The International Journal of Artificial Organs

Dextrose solution for priming and rinsing the extracorporeal circuit in hemodialysis patients: A prospective pilot study.

Paul A Rootjes, Erik Lars Penne, Georges Ouellet, Yanna Dou, Stephan Thijssen, Peter Kotanko, Jochen G Raimann

Introduction: Excess sodium intake and consequent volume overload are major clinical problems in hemodialysis (HD) contributing to adverse outcomes. Saline used for priming and rinsing of the extracorporeal circuit is a potentially underappreciated source of intradialytic sodium gain. We aimed to examine the feasibility and clinical effects of replacing saline as the priming and rinsing fluid by a 5% dextrose solution.

Materials and methods: We enrolled non-diabetic and anuric stable HD patients. First, the extracorporeal circuit was primed and rinsed with approximately 200-250 mL of isotonic saline during 4 weeks (Phase 1), subsequently a similar volume of a 5% dextrose solution replaced the saline for another 4 weeks (Phase 2), followed by another 4 weeks of saline (Phase 3). We collected data on interdialytic weight gain (IDWG), pre- and post-dialysis blood pressure, intradialytic symptoms, and thirst.

Results: Seventeen chronic HD patients (11 males, age 54.1 ± 18.7 years) completed the study. The average priming and rinsing volumes were 236.7 ± 77.5 and 245.0 ± 91.8 mL respectively. The mean IDWG did not significantly change (2.52 ± 0.88 kg in Phase 1; 2.28 ± 0.70 kg in Phase 2; and 2.51 ± 1.2 kg in Phase 3). No differences in blood pressures, intradialytic symptoms or thirst were observed.

Conclusions: Replacing saline by 5% dextrose for priming and rinsing is feasible in stable HD patients and may reduce intradialytic sodium loading. A non-significant trend toward a lower IDWG was observed when 5% dextrose was used. Prospective studies with a larger sample size and longer follow-up are needed to gain further insight into the possible effects of using alternate priming and rinsing solutions lowering intradialytic sodium loading.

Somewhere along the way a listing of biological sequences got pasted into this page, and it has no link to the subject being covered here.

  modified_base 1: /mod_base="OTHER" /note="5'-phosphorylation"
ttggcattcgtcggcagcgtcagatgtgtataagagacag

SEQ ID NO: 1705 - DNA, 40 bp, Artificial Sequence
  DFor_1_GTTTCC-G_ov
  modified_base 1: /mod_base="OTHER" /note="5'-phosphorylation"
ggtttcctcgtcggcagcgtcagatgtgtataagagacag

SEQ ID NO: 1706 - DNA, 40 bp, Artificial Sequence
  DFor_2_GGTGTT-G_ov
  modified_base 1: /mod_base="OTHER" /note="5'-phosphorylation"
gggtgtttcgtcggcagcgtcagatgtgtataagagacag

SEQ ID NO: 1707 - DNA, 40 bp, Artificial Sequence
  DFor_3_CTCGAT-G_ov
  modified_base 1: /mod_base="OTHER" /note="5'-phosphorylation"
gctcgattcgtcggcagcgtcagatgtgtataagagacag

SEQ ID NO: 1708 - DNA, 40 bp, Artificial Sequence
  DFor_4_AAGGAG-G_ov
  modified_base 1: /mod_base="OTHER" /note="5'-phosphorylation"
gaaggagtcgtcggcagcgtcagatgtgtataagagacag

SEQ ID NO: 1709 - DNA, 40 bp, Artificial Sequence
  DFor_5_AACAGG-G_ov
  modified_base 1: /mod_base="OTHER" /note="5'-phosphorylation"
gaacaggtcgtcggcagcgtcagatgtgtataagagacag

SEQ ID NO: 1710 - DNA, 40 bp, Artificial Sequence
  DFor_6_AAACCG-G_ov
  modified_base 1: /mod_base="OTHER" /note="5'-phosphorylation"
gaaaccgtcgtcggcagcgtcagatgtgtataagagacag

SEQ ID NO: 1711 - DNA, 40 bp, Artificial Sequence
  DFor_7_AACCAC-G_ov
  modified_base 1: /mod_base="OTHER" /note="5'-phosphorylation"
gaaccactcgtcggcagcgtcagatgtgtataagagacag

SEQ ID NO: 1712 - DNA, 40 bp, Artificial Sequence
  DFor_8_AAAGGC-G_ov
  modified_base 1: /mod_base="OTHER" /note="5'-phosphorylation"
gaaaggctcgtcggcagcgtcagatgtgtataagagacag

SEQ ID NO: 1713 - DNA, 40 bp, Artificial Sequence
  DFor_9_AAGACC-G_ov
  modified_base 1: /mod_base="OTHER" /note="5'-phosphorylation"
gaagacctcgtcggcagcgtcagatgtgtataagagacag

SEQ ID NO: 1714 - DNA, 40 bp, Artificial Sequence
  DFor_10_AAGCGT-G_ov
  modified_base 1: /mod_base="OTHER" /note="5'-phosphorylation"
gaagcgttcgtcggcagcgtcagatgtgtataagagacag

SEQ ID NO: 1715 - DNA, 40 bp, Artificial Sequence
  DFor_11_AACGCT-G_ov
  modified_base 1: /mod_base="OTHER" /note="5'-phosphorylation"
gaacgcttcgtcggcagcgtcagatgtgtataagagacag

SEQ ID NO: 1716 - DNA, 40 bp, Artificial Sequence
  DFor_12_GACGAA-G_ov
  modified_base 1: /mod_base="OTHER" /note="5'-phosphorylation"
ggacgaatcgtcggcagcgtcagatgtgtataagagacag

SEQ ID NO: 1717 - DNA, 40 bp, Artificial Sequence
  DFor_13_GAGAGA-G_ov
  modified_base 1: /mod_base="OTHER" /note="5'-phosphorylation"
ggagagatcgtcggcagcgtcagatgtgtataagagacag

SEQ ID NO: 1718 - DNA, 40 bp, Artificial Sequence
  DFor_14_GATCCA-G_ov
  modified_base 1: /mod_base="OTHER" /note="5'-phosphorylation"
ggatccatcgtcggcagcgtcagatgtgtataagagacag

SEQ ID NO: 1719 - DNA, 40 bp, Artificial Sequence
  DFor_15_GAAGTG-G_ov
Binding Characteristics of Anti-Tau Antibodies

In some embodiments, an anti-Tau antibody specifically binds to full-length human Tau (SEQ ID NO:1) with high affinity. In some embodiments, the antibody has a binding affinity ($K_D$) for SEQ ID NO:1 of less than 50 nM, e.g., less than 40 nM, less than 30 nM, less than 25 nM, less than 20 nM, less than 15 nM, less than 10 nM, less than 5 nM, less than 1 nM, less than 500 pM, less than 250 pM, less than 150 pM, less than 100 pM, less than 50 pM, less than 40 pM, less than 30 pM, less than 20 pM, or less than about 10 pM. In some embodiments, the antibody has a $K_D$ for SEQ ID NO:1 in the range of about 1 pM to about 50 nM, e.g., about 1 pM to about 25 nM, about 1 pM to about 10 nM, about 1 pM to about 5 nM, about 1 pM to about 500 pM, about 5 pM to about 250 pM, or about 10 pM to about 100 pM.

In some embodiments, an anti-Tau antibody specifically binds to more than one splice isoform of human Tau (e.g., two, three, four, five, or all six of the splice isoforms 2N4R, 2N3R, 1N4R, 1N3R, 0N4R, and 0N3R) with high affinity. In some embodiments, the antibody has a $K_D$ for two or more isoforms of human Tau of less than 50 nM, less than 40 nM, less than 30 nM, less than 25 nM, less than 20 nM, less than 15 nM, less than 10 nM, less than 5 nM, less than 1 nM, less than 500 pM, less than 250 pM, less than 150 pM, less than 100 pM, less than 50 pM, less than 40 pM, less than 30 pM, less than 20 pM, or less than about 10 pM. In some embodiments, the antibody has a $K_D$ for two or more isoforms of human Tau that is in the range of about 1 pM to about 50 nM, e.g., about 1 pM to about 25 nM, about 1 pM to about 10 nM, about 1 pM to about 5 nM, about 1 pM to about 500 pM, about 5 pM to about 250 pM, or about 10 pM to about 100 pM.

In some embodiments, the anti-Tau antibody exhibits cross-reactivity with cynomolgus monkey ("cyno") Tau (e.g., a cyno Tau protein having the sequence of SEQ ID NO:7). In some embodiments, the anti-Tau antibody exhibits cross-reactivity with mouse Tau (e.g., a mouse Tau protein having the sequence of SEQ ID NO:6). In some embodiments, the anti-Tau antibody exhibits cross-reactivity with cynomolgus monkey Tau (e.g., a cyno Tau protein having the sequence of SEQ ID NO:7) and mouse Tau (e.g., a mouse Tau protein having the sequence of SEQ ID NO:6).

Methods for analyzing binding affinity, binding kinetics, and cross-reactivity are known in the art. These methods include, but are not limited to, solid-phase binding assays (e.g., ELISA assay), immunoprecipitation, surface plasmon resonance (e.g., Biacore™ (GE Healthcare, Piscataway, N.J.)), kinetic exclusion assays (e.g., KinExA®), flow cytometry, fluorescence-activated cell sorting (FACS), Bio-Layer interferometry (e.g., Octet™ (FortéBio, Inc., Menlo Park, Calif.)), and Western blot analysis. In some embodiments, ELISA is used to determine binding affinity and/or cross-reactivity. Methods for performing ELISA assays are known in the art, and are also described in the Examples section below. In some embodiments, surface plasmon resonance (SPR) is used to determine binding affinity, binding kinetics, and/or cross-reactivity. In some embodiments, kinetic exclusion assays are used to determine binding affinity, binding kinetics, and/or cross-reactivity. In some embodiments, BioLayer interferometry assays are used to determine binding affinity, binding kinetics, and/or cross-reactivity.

Trial registration: Identifier NCT01168947 (

About the Contributors

Dr. Peter Kotanko, MD

RRI Research Director

SVP, Corporate Research & Development

Peter Kotanko, MD, is Research Director at the Renal Research Institute (RRI), New York. Prior to joining RRI, from 1997 to 2007 he served as vice chair of a department of internal medicine at an academic teaching hospital in Graz, Austria. Prior to moving to Graz in 1989, he worked from 1982 to 1989 in the Department of Physiology and the University Clinic of Internal Medicine in Innsbruck, Austria. From 1995 to 1996 he trained in nephrology at the Hammersmith Hospital, London, United Kingdom.

Jochen G. Raimann, MD, PhD, MPH

Senior Manager, Clinical Data Analytics

Jochen has worked as a full-time scientist at RRI since his start as a postdoctoral research fellow in 2007. As Senior Manager of Clinical Data Analytics, Jochen conducts epidemiological research in dialysis and oversees many analytical projects. He has first- and co-authored numerous papers and also serves as Associate Editor of the journals Trials and Scientific Reports. Jochen earned his MD from the Medical University Graz, his PhD from Maastricht University...

Stephan Thijssen, MD

Vice President, Applied and Basic Research

Prior to coming to New York, Stephan worked in the Nephrology Department at the University Hospital Homburg, Germany. He joined RRI in 2005. Stephan brings more than one and a half decades of research experience to the RRI team, covering laboratory research, clinical research, epidemiology research, and mathematical modeling.